LINGUIST List 13.2473

Sun Sep 29 2002

Calls: Internet & Lang, Verb Initial Syntax

Editor for this issue: Marie Klopfenstein <>

As a matter of policy, LINGUIST discourages the use of abbreviations or acronyms in conference announcements unless they are explained in the text.


  1. Susan Herring, The Multilingual Internet
  2. Andrew Carnie, Verb Initial Syntax Workshop - Call for papers

Message 1: The Multilingual Internet

Date: Fri, 01 Jan 1904 04:09:24 -0500
From: Susan Herring <>
Subject: The Multilingual Internet

Call For Papers



Brenda Danet Susan Herring
Hebrew University of Jerusalem Indiana University
and Yale University Bloomington

 In today's multilingual, global world, hundreds of millions
of people are communicating on the Internet not only in its
established lingua franca, English, but also in many other
languages. To date, the research literature in English on the
features of computer-mediated communication has focused almost
exclusively on emergent practices in English, neglecting
developments within populations communicating online in other
languages. This is a Call for Papers for a special issue of the
Journal of Computer-Mediated Communication, a peer-reviewed online
journal. We may also edit a follow-up book on the same theme,
containing a wider selection of papers, with a major publisher.

Papers may relate to instant messaging, private email, postings to
listserv lists and newsgroups, text-only chat, e.g., on IRC or MOOs,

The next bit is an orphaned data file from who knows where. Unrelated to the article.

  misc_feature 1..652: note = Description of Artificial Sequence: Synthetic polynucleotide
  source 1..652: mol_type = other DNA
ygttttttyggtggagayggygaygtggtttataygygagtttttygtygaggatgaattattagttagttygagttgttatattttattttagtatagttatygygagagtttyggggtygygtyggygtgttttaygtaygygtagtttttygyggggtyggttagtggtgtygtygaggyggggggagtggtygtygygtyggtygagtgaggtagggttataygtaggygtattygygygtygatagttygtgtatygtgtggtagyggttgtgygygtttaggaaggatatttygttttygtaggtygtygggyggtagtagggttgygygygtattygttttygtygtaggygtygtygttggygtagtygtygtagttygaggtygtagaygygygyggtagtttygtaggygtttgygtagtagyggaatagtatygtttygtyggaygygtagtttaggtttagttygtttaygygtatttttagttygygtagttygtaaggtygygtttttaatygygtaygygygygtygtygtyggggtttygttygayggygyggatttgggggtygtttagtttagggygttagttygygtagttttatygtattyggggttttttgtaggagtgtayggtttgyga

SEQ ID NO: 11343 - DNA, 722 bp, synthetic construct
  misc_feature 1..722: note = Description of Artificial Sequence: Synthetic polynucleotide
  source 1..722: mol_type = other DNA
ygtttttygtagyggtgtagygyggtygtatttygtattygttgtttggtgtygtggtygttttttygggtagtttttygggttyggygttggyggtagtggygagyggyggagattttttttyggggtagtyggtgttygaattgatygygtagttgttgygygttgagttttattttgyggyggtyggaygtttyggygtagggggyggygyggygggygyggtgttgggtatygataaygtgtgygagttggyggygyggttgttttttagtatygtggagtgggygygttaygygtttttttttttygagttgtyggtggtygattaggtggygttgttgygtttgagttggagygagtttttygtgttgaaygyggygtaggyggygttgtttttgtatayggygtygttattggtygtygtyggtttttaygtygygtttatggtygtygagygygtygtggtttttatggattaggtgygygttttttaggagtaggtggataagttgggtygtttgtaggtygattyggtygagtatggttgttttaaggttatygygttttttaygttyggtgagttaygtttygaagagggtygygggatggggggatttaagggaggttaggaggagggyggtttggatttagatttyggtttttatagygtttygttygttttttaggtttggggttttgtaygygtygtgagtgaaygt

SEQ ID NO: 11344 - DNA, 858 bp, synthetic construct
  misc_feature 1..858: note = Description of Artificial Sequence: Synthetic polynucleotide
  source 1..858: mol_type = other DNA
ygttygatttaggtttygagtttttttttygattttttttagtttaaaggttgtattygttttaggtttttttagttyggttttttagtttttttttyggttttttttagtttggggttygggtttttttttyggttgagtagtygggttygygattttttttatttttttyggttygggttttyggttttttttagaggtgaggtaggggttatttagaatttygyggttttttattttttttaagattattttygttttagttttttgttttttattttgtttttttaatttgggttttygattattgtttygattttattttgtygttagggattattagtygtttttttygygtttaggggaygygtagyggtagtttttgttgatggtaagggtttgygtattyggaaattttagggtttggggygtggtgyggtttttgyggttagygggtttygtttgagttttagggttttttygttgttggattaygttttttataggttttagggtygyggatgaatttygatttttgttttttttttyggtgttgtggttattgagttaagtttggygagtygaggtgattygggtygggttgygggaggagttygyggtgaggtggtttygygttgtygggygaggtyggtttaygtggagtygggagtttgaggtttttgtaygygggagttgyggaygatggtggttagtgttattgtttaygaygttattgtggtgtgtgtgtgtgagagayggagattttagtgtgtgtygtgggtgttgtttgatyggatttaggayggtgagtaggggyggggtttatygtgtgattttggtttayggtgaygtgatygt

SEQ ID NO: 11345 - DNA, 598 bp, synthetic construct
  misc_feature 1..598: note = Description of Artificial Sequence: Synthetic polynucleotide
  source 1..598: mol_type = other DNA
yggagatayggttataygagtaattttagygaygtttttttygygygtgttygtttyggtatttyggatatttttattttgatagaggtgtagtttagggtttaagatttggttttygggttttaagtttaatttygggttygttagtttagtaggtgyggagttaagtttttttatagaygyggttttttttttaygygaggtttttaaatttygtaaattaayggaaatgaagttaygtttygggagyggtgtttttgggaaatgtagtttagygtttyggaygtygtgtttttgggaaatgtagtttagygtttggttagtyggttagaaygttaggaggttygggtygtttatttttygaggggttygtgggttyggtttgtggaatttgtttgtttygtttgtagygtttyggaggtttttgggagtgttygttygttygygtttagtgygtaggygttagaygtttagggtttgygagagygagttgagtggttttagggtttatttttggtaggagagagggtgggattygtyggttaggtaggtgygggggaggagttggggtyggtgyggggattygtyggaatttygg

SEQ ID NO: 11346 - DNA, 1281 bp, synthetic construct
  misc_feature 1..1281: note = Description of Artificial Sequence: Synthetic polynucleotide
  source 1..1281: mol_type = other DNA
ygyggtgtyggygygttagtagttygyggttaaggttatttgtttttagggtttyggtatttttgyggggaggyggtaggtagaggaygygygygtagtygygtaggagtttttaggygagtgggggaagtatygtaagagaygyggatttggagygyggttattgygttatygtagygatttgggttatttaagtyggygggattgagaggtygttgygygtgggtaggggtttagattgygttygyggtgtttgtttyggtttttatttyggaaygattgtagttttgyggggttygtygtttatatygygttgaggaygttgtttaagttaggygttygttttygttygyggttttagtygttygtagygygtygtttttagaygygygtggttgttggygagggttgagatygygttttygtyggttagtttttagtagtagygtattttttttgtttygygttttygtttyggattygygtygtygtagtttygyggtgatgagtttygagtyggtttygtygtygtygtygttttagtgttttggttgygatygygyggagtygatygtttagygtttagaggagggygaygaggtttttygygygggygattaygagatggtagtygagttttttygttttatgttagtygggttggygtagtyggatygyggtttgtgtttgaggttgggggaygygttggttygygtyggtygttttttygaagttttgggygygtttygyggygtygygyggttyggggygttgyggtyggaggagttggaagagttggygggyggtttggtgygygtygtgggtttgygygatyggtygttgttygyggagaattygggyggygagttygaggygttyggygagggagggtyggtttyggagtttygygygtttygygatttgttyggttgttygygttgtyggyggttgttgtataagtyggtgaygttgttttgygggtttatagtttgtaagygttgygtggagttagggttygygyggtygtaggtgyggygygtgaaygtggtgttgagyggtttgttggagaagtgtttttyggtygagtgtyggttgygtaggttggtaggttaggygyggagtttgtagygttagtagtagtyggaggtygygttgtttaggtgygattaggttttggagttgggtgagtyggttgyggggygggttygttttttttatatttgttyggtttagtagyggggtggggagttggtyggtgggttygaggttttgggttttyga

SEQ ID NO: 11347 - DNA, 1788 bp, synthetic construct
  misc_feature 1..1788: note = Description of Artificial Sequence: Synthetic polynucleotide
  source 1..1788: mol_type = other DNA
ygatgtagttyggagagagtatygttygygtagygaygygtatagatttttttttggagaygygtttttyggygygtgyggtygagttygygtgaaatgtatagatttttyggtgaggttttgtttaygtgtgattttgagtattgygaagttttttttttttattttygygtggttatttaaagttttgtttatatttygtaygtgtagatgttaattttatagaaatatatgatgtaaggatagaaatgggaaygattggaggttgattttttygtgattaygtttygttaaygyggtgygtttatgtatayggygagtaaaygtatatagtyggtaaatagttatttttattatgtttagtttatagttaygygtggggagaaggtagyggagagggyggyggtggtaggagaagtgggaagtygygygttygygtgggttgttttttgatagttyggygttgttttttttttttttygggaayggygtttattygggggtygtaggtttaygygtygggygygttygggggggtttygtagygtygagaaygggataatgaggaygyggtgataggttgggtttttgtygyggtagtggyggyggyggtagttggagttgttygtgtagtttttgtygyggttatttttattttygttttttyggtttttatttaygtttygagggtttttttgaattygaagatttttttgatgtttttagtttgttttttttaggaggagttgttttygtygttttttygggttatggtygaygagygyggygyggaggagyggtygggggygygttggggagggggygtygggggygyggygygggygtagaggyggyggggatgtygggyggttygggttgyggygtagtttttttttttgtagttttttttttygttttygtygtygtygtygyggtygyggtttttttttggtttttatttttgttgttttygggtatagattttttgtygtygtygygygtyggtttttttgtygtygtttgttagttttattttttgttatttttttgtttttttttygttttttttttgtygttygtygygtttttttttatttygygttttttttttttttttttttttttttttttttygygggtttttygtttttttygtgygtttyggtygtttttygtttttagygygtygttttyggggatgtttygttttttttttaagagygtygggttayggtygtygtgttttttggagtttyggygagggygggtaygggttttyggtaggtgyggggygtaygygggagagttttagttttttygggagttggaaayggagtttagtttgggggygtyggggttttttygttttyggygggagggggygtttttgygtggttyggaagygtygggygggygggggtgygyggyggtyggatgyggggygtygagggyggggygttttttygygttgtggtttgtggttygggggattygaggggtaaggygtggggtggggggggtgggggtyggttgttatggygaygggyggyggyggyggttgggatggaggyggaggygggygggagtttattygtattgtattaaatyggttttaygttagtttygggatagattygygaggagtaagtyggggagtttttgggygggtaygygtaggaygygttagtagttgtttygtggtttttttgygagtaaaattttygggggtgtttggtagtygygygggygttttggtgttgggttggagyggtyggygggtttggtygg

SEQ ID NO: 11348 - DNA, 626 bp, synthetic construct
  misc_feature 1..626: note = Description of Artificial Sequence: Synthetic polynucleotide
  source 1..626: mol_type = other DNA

visually enhanced chat, or SMS (short message service) in mobile
phone use.

We invite papers on topics such as:

- The influence of the local language on the use of a medium, e.g.,
the distinctive features of email or chat in languages with specific
font-related requirements (e.g., French, Russian, Hindi, Arabic,
Korean, Chinese).

- Cultural constraints on the use of the medium, e.g., how traditional
requirements for deference in Japanese language and culture are
realized or modified in online communication; Italian non-verbal and
verbal expressivity as realized in typed chat.

- Comparison of the distinctive features of email or chat in two or
more language-culture groups or sub-groups with differing cultural
orientations, e.g., Austrian German versus German German.

- Chat in situations of diglossia--differentiation between spoken and
written languages and dialects (e.g., Moroccan spoken Arabic and how
it is being realized in typed chat).

- Code-switching in bilingual or multilingual online communication.

- The clash between requirements of formality in the letter-writing
tradition in a given language-culture constellation and the trend
toward speech-like patterns in online textual communication.

- Language and play with culture, including play with identity
(e.g., via nicknames).

- A comparison of online communication within the same language-
culture group but in different languages, e.g., Israeli chat in
English versus Hebrew.

- The effects of the English language or global "netspeak" (Crystal,
2001) on email and chat in the local language.

- Online communication in English by non-native speakers, focusing
on language and culture issues.

Submission procedures:

Potential authors should submit a preliminary proposal of 500-1000